Home Page
   Articles
       links
About Us    
Traders        
Recipes            
Latest Articles
Mutton
Page Previous  1, 2
 
Post new topic   Reply to topic    Downsizer Forum Index -> Seasonal and Frugal Shopping
Author 
 Message
dpack



Joined: 02 Jul 2005
Posts: 32591
Location: yes
PostPosted: Tue Dec 23, 14 1:02 am    Post subject:  Reply with quote    

mine is cook slowly(start hot then reduce to about 160/150fan. times are variable but leg 70 mins a kilo smaller bits maybe 50 mins a kilo,cook it till it is cooked ) ,rest a while (again the bigger the bit the longer the rest) .

carve in thin slices with a very sharp knife for butties or as slabs for eating hot with all the roast dinner stuff

another way with a leg or shoulder is boiling,well poaching is a better description ,wrap it in "mutton cloth"and give it 2 hrs plus an hour a pound

mutton chops are 2 to 4 portions and roast like a rib of beef

yum stuff .

Solorn



Joined: 22 Oct 2008
Posts: 24
Location: Somerset
PostPosted: Thu Nov 05, 15 9:51 pm    Post subject: Reply with quote    

I've actually searched for it where I live but it's not been easy to find. I have one more butcher to try then I may have to order it in. I love it slow cooked with red currant jelly

Ty Gwyn



Joined: 22 Sep 2010
Posts: 3947
Location: Lampeter
PostPosted: Thu Nov 05, 15 10:06 pm    Post subject: Reply with quote    

The taste of Lamb and Mutton is totally different,

That is,to someone that know`s the difference.

Rob R



Joined: 28 Oct 2004
Posts: 31902
Location: York
PostPosted: Thu Nov 05, 15 10:14 pm    Post subject: Reply with quote    

We had a customer come to the farm the other day because we have mutton. I'm still amazed by the number of times I'm asked specifically about the availability of mutton though, how it's so hard to find and then they never actually order any. I guess that's why you can't get it anywhere else.

Ty Gwyn



Joined: 22 Sep 2010
Posts: 3947
Location: Lampeter
PostPosted: Thu Nov 05, 15 10:26 pm    Post subject: Reply with quote    

You`d have more chance of finding mutton in any of the big cites than out in the country,
That`s where the majority of the fat killing ewes end up.

Nick



Joined: 02 Nov 2004
Posts: 33569
Location: Hereford
PostPosted: Thu Nov 05, 15 10:53 pm    Post subject: Reply with quote    

Booker carry it routinely.

Behemoth



Joined: 01 Dec 2004
Posts: 18956
Location: Leeds
PostPosted: Fri Nov 06, 15 1:08 am    Post subject: Reply with quote    

And Booker are?

Rob R



Joined: 28 Oct 2004
Posts: 31902
Location: York
PostPosted: Fri Nov 06, 15 1:37 am    Post subject: Reply with quote    

Behemoth wrote:
And Booker are?


My best customers...


...no, not really. They're a cash & carry.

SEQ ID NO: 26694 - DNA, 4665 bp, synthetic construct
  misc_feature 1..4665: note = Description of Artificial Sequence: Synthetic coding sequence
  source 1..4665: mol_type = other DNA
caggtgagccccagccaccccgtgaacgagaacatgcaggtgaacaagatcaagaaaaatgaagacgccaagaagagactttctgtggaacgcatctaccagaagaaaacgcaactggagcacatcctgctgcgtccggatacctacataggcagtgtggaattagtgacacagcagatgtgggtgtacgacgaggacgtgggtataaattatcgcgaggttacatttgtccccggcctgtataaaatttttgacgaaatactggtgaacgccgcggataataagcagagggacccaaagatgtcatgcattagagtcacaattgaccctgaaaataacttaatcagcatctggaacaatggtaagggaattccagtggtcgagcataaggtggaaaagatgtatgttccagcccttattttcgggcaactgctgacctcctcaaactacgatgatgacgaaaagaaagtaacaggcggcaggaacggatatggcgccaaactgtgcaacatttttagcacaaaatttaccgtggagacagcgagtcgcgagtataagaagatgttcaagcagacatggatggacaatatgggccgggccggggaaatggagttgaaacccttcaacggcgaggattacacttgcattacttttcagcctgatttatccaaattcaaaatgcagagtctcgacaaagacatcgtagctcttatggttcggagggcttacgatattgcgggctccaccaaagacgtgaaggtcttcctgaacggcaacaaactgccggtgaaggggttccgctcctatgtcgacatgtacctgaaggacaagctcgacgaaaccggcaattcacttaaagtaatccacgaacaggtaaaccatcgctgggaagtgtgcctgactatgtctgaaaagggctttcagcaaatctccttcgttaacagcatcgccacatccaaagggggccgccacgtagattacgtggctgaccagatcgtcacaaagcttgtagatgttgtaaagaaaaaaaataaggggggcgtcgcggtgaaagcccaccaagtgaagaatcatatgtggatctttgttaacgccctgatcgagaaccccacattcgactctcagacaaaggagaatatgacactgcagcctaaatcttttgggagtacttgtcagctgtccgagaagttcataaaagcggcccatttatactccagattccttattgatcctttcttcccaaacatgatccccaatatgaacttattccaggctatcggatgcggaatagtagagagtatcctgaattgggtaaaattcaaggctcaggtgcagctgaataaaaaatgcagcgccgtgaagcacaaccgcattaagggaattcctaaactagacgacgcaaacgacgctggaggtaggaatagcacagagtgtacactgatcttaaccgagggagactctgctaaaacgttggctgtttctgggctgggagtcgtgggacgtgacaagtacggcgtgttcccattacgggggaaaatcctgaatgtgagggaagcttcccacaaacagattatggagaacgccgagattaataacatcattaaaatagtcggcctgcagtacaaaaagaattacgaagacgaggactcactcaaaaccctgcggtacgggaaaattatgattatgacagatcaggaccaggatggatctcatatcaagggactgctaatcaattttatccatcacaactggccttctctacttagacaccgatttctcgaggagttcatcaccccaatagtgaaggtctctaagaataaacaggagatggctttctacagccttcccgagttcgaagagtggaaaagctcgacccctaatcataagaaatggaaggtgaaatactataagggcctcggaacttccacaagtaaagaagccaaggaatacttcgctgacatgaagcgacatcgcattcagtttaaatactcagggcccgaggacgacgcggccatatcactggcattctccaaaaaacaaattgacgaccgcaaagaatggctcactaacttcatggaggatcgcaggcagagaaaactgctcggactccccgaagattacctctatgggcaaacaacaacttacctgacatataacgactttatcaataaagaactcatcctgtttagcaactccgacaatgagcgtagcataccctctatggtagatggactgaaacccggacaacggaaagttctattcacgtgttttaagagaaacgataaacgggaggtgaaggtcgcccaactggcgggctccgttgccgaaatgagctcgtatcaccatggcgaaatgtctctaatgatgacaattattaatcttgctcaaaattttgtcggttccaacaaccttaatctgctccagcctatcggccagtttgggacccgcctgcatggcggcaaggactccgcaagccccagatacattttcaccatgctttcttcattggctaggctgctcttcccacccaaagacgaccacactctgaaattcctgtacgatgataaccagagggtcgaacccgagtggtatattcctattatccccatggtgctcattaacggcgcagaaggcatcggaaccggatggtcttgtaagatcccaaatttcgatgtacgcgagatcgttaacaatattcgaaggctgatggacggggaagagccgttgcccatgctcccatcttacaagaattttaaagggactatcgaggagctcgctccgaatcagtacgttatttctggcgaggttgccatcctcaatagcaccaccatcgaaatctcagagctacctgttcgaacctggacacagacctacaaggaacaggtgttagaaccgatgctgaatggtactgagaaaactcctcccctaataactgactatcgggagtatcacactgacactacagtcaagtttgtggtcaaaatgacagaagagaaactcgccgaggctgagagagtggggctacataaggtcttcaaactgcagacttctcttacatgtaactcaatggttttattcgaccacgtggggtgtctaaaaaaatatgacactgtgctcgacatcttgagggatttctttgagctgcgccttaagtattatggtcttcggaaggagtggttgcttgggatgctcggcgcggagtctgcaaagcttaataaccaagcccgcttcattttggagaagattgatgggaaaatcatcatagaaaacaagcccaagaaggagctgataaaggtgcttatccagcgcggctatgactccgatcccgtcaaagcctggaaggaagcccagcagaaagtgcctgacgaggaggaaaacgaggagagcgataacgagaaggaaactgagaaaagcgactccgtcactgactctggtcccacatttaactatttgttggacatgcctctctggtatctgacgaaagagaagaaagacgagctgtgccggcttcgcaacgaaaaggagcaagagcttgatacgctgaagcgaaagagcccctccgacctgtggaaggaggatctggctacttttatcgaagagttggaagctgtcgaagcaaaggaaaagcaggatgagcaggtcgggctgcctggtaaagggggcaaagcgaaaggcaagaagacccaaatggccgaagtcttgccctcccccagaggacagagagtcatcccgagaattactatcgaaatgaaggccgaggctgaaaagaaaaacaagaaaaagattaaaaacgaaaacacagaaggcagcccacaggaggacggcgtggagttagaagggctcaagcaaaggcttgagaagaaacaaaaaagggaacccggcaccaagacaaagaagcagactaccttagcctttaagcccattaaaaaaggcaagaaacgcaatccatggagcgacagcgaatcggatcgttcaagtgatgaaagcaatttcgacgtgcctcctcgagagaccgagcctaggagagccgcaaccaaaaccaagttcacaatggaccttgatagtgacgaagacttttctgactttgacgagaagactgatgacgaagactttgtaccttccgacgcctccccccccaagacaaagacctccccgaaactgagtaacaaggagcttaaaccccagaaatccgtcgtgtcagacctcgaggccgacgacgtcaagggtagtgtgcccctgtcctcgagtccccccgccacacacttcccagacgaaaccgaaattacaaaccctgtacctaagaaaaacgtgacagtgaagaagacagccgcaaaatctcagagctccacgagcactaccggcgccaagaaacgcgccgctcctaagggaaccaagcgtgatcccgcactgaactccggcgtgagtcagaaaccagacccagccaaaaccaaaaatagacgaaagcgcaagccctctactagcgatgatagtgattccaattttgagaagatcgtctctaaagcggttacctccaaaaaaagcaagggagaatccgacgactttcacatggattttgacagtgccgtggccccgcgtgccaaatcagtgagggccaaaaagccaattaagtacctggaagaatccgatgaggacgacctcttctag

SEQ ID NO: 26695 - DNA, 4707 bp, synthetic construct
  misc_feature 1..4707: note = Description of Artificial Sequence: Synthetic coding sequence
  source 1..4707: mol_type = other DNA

Slim



Joined: 05 Mar 2006
Posts: 4450
Location: New England (In the US of A)
PostPosted: Fri Nov 06, 15 2:17 am    Post subject: Reply with quote    

I prefer mutton.

I had a friend raising sheep who would get mad at her meat cutter for sending the cuts back marked "lamb" as they were over 1 year old, the age at which she said it was illegal to call them lamb any more. Also, she was proud of her mutton, and didn't want to feel like she was trying to slip it through as something it wasn't!

Definitely a customer education problem more than anything here.

Nick



Joined: 02 Nov 2004
Posts: 33569
Location: Hereford
PostPosted: Fri Nov 06, 15 7:27 am    Post subject: Reply with quote    

Rob R wrote:
Behemoth wrote:
And Booker are?


My best customers...


...no, not really. They're a cash & carry.


The people who supply an awful lot of caterers, pubs, restaurants and independent shops with their supplies.

Hairyloon



Joined: 20 Nov 2008
Posts: 14556
Location: Today I are mostly being in Yorkshire.
PostPosted: Fri Nov 06, 15 8:53 am    Post subject: Reply with quote    

Is this why it is unusal to find a lamb curry anywhere? Almost always they are described as "meat".

Nick



Joined: 02 Nov 2004
Posts: 33569
Location: Hereford
PostPosted: Fri Nov 06, 15 9:01 am    Post subject: Reply with quote    

Hairyloon wrote:
Is this why it is unusal to find a lamb curry anywhere? Almost always they are described as "meat".


That has always been my thought.

dpack



Joined: 02 Jul 2005
Posts: 32591
Location: yes
PostPosted: Fri Nov 06, 15 11:27 am    Post subject: Reply with quote    

curry a pound
meat curry two pounds
named meat curry three pounds


ps rob's kerry hill mutton is superb and available nation wide

sean
Downsizer Moderator


Joined: 28 Oct 2004
Posts: 41591
Location: North Devon
PostPosted: Fri Nov 06, 15 6:58 pm    Post subject: Reply with quote    

One of the curry houses in Torrington specifies mutton. I suspect that they assume that most people in a rural area know what it is and are going to be ok with it.

sean
Downsizer Moderator


Joined: 28 Oct 2004
Posts: 41591
Location: North Devon
PostPosted: Fri Nov 06, 15 7:01 pm    Post subject: Reply with quote    

Slim wrote:
I prefer mutton.

I had a friend raising sheep who would get mad at her meat cutter for sending the cuts back marked "lamb" as they were over 1 year old, the age at which she said it was illegal to call them lamb any more. Also, she was proud of her mutton, and didn't want to feel like she was trying to slip it through as something it wasn't!

Definitely a customer education problem more than anything here.


Though that would be hogget. It's not mutton until it's over 2 years old I think.

Post new topic   Reply to topic    Downsizer Forum Index -> Seasonal and Frugal Shopping All times are GMT
Page Previous  1, 2
Page 2 of 2
View Latest Posts View Latest Posts

 

Archive
Powered by php-BB © 2001, 2005 php-BB Group
Style by marsjupiter.com, released under GNU (GNU/GPL) license.
Copyright 2004 marsjupiter.com

<-- -->